Many people think of gamers as self-absorbed slackers who spend all of their time losing themselves in digital worlds at best and antisocial misfits with violent tendencies at worst. However, one charity rallies the video game community together every year to prove those detractors wrong and do some good in the world.

Child’s Play Charity, which has raised a cumulative $8,998,564 to buy toys and games for participating children’s hospitals nationwide since 2003, has added its first partner hospital in the Chicago area this year. Comer Children’s Hospital, 5721 S. Maryland Ave., will take advantage of the charity’s fundraising efforts, as well as individual donations through an Amazon.com wish list to provide video games, consoles, toys and games for its patients.

Child’s Play was started in November 2003 by Mike Krahulik and Jerry Holkins, creators of the gaming webcomic “Penny Arcade,” in response to the bad press they had seen multiple times regarding the gaming community.

“Mike and Jerry felt that the media portrayal was very inaccurate,” said Jamie Dillion, project manager of Child’s Play. “They’ve had a lot of positive experiences with the game community. They know it very well, so they wanted to do something that would kind of debunk that myth. Very rapidly, they realized that it’s difficult to change people’s minds, but it’s not difficult to do good in the world, so that became first priority.”

The charity offers two ways for people to contribute to its partner hospitals. The first is direct PayPal donations through ChildsPlayCharity.org, and the second involves an interactive map on the website which lists all of the participating hospitals worldwide. Anyone who wants to contribute to a specific hospital on the map can click on a link that leads to an Amazon.com wish list customized to that hospital’s needs. All items purchased through these wish lists are shipped directly to the hospitals.

Child’s Play is a very community-driven charity, and Dillion said many of the hospitals that have gotten involved were urged by gamers in their communities to get in touch and join the program. Carter said she registered Comer as a partner hospital after being contacted by the organizers of a local Child’s Play fundraising event called the Chicago Loot Drop.

The Loot Drop started last year as a “Rock Band” tournament to raise money for Child’s Play, according to Mike Chuck Bretzlaff, the event’s chairman. This year’s event, held on Nov. 20 at Reggie’s Rock Club, 2109 S. State St., also featured a performance by Minibosses, a band known for their rock covers of music from games such as “Mega Man 2” and the “Castlevania” series. This year’s event raised more than $3,000 for the charity. Bretzlaff said part of the reason he wanted to get a Chicago hospital involved in Child’s Play was civic pride.

“Ever since Child’s Play started, there’s [been] no Chicago hospital on there,” he said. “There’s one in Indianapolis, there’s one up in Madison, Wis., I think—all these other local Midwest ones—but that Chicago was missing, it was just disappointing.”

Bretzlaff also said having a local hospital involved helps get Chicagoans involved with the fundraising efforts because even people who don’t know anything about Child’s Play can appreciate the idea of supporting sick children in their city.

The kinds of items hospitals request range from simple toys and puzzles to books, movies and video games. However, Amy Carter, a child life specialist at Comer who has been working with Child’s Play to coordinate donations, said most people who donate toys tend to focus on young, grade school-age children.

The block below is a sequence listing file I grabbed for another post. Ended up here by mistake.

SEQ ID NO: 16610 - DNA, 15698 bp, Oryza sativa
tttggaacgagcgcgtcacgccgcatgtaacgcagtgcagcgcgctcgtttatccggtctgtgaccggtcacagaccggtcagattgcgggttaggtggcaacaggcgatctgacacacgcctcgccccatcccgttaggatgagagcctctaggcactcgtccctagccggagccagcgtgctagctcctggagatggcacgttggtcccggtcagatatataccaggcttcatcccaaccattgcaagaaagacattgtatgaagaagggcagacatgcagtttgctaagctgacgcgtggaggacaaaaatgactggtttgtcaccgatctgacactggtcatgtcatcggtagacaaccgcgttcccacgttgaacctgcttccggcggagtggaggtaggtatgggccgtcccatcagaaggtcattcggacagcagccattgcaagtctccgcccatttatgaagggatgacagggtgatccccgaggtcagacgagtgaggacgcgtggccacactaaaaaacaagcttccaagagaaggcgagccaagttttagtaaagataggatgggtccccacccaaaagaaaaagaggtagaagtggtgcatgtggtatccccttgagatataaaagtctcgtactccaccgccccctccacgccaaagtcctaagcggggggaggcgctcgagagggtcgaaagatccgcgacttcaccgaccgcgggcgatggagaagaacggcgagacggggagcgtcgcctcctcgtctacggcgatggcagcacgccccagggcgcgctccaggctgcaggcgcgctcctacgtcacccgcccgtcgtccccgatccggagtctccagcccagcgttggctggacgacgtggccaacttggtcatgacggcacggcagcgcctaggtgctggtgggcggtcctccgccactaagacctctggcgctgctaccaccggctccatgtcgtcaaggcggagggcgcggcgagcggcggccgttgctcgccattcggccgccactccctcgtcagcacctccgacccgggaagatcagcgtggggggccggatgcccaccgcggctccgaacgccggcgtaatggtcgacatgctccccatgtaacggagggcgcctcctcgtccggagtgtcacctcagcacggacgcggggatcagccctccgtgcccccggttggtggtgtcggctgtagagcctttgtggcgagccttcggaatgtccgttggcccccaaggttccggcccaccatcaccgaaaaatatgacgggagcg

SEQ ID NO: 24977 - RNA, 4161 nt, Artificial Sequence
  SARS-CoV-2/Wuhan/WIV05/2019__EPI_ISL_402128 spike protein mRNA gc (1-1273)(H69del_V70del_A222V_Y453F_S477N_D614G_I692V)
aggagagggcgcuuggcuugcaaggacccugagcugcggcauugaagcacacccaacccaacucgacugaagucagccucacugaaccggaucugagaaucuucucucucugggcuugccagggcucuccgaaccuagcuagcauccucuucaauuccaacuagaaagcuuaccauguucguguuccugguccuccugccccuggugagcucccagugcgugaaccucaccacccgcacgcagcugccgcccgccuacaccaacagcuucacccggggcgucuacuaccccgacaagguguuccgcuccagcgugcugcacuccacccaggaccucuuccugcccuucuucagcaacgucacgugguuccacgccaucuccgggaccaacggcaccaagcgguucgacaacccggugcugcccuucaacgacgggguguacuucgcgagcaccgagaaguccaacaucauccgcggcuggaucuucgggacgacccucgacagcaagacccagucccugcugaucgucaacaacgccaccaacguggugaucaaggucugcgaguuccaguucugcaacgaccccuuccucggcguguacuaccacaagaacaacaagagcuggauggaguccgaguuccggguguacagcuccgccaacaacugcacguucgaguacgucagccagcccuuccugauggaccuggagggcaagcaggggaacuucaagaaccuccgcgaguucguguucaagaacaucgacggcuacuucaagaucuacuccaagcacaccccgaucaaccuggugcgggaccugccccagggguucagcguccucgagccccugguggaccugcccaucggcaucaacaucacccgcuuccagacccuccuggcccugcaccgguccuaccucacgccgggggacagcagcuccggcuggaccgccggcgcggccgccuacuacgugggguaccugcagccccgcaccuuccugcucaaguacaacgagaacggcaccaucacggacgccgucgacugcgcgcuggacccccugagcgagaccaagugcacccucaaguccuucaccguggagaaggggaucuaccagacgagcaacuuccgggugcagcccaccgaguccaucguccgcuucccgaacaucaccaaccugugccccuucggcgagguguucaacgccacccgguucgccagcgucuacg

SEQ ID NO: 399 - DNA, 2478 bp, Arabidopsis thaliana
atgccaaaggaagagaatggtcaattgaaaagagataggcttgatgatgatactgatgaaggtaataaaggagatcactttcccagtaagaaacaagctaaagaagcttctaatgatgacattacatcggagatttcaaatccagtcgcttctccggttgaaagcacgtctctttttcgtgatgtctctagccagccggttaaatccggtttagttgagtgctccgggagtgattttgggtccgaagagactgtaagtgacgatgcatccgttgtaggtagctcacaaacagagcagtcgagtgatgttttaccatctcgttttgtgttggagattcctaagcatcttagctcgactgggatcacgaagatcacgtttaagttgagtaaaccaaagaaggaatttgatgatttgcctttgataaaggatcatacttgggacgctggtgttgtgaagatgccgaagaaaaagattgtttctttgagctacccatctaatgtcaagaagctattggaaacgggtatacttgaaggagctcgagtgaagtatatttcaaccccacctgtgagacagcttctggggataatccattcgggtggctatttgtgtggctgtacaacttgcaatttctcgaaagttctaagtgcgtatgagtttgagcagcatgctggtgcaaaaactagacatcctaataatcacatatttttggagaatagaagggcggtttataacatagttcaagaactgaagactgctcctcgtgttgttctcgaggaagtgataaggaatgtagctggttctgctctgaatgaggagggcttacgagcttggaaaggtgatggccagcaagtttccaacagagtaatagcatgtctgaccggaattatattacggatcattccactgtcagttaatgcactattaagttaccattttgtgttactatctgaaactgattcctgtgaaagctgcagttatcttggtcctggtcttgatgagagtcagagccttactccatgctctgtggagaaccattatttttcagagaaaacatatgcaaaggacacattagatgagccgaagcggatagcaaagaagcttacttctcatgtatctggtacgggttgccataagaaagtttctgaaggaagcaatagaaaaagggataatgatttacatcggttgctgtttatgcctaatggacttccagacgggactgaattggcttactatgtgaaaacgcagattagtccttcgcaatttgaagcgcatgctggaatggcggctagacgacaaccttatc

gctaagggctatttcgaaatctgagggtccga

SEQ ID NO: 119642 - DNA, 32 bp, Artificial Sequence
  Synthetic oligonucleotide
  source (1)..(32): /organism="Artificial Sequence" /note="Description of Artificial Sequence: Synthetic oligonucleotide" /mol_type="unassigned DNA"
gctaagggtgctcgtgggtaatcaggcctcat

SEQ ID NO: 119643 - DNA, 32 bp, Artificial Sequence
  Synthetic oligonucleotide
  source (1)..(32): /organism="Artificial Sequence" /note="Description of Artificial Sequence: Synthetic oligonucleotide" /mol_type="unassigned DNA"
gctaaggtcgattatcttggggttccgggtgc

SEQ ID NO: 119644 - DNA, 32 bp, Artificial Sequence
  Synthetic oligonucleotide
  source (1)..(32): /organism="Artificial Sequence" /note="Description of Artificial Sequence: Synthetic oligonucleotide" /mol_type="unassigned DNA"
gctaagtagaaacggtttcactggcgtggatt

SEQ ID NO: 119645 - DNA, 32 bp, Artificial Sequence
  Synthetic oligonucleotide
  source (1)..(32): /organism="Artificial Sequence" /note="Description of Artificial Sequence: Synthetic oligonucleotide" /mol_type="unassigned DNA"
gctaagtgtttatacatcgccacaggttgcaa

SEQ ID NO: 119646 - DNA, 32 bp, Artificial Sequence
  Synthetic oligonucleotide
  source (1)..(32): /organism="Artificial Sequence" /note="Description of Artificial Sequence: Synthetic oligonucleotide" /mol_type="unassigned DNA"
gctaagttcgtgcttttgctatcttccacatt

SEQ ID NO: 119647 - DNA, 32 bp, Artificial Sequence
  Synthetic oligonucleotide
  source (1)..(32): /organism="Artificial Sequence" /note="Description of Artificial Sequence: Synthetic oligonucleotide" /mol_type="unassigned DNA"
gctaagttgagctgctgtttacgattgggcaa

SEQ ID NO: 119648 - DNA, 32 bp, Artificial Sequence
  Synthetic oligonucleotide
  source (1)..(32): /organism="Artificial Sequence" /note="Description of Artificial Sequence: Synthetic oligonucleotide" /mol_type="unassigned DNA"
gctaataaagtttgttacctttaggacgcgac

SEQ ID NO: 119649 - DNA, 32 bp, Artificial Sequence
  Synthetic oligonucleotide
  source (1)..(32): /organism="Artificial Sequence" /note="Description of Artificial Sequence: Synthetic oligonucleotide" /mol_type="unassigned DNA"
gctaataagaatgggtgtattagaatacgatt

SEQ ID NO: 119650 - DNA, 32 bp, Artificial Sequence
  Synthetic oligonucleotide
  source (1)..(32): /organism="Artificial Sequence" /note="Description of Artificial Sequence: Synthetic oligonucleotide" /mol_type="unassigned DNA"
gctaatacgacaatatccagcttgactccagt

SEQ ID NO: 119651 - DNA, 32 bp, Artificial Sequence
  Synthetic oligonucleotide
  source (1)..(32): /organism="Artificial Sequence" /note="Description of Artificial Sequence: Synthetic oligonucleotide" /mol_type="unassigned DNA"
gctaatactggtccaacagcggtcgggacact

“We don’t necessarily have enough people thinking about the kids who are under 3 and the kids who are [older than] 11, and they’re actually two of our biggest populations,” Carter said.

She said washable plastic toys, stacking toys and rattles for infants and board games, video games and art kits for older kids, are always appreciated.

She said these kinds of distractions help children cope with the experience of being in the hospital and make that experience as comfortable and familiar as it can be.

Dillion said allowing sick children to play has shown measurable advantages in their treatment in addition to the emotional benefits.

“Studies have shown that children receiving treatment and needing pain medication request less pain medication if they’re playing a video game while they get the treatment, so it actually has pretty tangible results as well,” she said.

Dillion also said many hospitals are noticing that motion-controlled game systems such as the Nintendo Wii, the Microsoft Kinect and the Playstation Move, are especially helpful for children who require physical therapy or rehabilitation.

“For a kid to do physical therapy, they’re having to repeat the same motion over and over,” Dillon said. “It’s often painful and it’s boring, so compliance with that was a very difficult thing for a lot of physical therapists and child life specialists. But when kids are playing a game on the Kinect, when they’re competing, when they have goals and they have these responses, it makes it much easier for them to forget that they’re in treatment.”

Carter said the patients, families and staff at Comer have been grateful to organizations like Child’s play for the opportunity to have these toys and games avaialable.

“It’s never easy when kids have to come and have needle sticks or procedures done or painful things happen,” Carter said. “It serves as a way to keep their minds off of what’s going on.”

To get involved with Child’s Play, visit ChildsPlayCharity.org. For more information on donating to Comer Children’s Hospital, contact Amy Carter at Amy.Carter@UChospitals.edu. Donated items should be new and unopened for infection control purposes.

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